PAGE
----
Editorial: Build affordable homes with solar
The Hawaii Community Development Authority’s Kalaeloa master plan envisions thriving redevelopment on land within the former Barbers Point Naval Air Station.
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The Hawaii Community Development Authority’s Kalaeloa master plan envisions thriving redevelopment on land within the former Barbers Point Naval Air Station. It’s a promising vision, but staying true to it will require resolve.
Among the hopes and dreams: light industrial, commercial, retail and office space, creating an estimated 7,000 jobs; more than 6,000 residential housing units, with a minimum of 30 percent locked-in as “affordable” housing; and “alternative energy development to promote self-sufficiency.”
Adopted in 2006, the state agency’s plan took shape after the military base closed in 1999 and its 3,700 acres were divided among federal, state and county agencies. HCDA anticipated a slow transition, but has also stressed a commitment to the now dust-covered plan’s vision.
It’s encouraging to see that hope is still alive, with a proposal moving toward construction on the first set of new homes — a 675-home subdivision. Hunt Communities Hawaii LLC, an affiliate of a Texas-based development firm, is prepping to improve roads in the northwest corner of the old base, with home-building to follow within a few years.
Moving forward, HCDA and other state leaders must see to it that commitment holds to effectively meeting the intent of Kalaeloa’s master plan, starting with affordable housing.
According to state projections, Hawaii needs 65,000 more housing units by 2025. Much of that is on Oahu, of course, where most of the demand for affordable housing registers at or below the 80 percent mark of area median income. More needs to be done to open up viable housing options for residents struggling to make financial ends meet.
Regarding home construction, Kalaeloa’s vision should, where supported by adequate infrastructure, move toward higher-density condos and apartments and away from sprawling single-family homes and lawns. Land suitable for housing is limited, so should be tagged to reasonably max-out the number of units.
In addition to efficient use of residential land, developers should be required to include green-minded features in construction. Among the must-haves: solar water heaters, which are recognized as a hugely efficient — and cost-saving — strategy for most homes.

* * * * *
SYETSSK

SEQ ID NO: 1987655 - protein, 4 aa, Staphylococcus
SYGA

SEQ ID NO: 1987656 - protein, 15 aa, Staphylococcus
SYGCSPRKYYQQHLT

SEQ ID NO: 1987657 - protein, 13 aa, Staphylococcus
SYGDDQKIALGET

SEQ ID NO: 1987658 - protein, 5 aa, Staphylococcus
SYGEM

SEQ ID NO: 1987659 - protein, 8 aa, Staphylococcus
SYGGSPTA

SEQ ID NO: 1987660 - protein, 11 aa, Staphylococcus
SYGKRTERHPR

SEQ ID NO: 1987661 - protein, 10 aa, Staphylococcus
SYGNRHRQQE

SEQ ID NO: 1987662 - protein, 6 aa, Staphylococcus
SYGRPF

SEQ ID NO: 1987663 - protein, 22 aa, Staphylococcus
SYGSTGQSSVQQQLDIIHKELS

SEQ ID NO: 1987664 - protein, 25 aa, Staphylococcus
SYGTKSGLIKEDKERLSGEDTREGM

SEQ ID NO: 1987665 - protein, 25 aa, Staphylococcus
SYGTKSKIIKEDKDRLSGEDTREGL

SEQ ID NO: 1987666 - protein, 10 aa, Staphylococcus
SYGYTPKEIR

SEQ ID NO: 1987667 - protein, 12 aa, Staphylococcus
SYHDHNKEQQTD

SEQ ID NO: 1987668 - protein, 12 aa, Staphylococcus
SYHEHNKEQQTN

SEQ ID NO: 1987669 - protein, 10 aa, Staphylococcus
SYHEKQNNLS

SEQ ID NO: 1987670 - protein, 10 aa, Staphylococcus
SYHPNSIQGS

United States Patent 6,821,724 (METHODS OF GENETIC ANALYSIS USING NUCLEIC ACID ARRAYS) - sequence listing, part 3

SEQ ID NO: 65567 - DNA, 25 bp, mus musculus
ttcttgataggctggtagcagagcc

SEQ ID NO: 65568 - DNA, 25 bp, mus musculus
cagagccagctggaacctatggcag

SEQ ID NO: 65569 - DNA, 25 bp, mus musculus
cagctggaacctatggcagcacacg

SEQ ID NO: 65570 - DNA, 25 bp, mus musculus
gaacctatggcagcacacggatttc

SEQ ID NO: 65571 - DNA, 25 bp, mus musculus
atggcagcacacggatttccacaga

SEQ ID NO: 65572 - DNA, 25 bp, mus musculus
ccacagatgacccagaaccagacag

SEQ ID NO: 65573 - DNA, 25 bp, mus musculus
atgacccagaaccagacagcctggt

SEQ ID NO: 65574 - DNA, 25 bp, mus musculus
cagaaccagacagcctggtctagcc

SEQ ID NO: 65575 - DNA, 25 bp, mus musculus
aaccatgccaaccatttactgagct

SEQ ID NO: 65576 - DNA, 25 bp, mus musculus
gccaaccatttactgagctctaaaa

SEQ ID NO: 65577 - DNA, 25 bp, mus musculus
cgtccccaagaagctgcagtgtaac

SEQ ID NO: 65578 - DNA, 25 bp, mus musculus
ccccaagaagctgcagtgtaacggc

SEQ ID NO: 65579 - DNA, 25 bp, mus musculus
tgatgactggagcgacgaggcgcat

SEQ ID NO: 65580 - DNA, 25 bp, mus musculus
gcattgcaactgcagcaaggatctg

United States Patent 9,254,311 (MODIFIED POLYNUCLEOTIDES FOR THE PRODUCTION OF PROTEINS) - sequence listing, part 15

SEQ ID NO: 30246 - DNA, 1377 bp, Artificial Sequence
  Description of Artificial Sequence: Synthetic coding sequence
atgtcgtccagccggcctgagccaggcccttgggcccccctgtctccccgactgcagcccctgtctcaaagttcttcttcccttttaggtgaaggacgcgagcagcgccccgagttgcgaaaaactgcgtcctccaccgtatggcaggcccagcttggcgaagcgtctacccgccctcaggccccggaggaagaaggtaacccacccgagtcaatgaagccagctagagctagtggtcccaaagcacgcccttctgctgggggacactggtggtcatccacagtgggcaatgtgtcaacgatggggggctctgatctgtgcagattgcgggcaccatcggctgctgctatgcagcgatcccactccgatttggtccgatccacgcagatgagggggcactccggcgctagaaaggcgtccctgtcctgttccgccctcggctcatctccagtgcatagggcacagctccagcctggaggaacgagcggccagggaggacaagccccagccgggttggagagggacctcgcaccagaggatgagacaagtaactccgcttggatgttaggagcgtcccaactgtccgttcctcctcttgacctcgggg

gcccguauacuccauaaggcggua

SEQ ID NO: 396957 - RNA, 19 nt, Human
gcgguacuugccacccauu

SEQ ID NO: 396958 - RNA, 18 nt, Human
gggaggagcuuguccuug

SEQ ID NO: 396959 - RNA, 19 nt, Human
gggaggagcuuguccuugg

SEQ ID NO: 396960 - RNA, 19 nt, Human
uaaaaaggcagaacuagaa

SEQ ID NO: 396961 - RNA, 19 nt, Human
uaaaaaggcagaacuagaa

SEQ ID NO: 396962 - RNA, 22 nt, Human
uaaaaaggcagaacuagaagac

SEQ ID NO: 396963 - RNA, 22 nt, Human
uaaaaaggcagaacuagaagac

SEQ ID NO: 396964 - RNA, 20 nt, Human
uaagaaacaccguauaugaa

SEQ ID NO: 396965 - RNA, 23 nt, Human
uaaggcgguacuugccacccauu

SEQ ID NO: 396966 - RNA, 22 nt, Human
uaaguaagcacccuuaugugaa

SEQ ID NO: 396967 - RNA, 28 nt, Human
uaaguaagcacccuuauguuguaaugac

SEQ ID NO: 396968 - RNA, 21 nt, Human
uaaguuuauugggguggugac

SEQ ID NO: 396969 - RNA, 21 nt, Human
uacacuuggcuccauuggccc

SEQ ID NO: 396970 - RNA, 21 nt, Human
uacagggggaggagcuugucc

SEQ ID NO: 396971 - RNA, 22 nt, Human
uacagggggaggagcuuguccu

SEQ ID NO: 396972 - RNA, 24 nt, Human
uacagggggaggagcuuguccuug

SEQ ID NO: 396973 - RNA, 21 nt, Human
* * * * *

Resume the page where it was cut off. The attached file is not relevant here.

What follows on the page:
Since 2010, the state has required solar water heating in all new homes. But this law has a variance process for rare exceptions where solar just doesn’t work. Unfortunately, this variance has been abused by developers, despite the Legislature’s intent that variances “will be rarely, if ever, exercised or granted.”
It’s discouraging to see many homes in the first phase of Ho‘opili’s 11,750-home development being built with gas water heaters over solar on the sun-drenched Ewa Plain. While the gas option may be less expensive to install during home construction, it can later add up to higher energy bills for the homeowner.
Last year, state lawmakers deferred a bill that aimed to further narrow the scope of the water-
heater variance, and require that exemption applications be signed by the architect or mechanical engineer attesting to the need. The proposal should be picked up this year to close the law’s fossil-fuel loophole.
Ideally, alongside new housing, thousands of new jobs will surface in Kalaeloa to contain major traffic impacts. But less than five miles from the Barbers Point base, stands evidence that jobs have lagged behind in this area of the island. Decades after Kapolei secured its billing as an aspiring “second city,” it’s finally making strides but still falls short of credible live-work-play community status.
Kalaeloa’s framers must avoid creation of a bedroom community that’s tethered to a long line of workday commuter traffic to in-town jobs.
Forward movement on Kalaeloa’s master plan signals a chance for a fresh start on this long-neglected Leeward stretch, an opportunity to forge a model for redevelopment that the state can proudly claim. But while there’s plenty of promise in the future, expect plenty of challenges, too.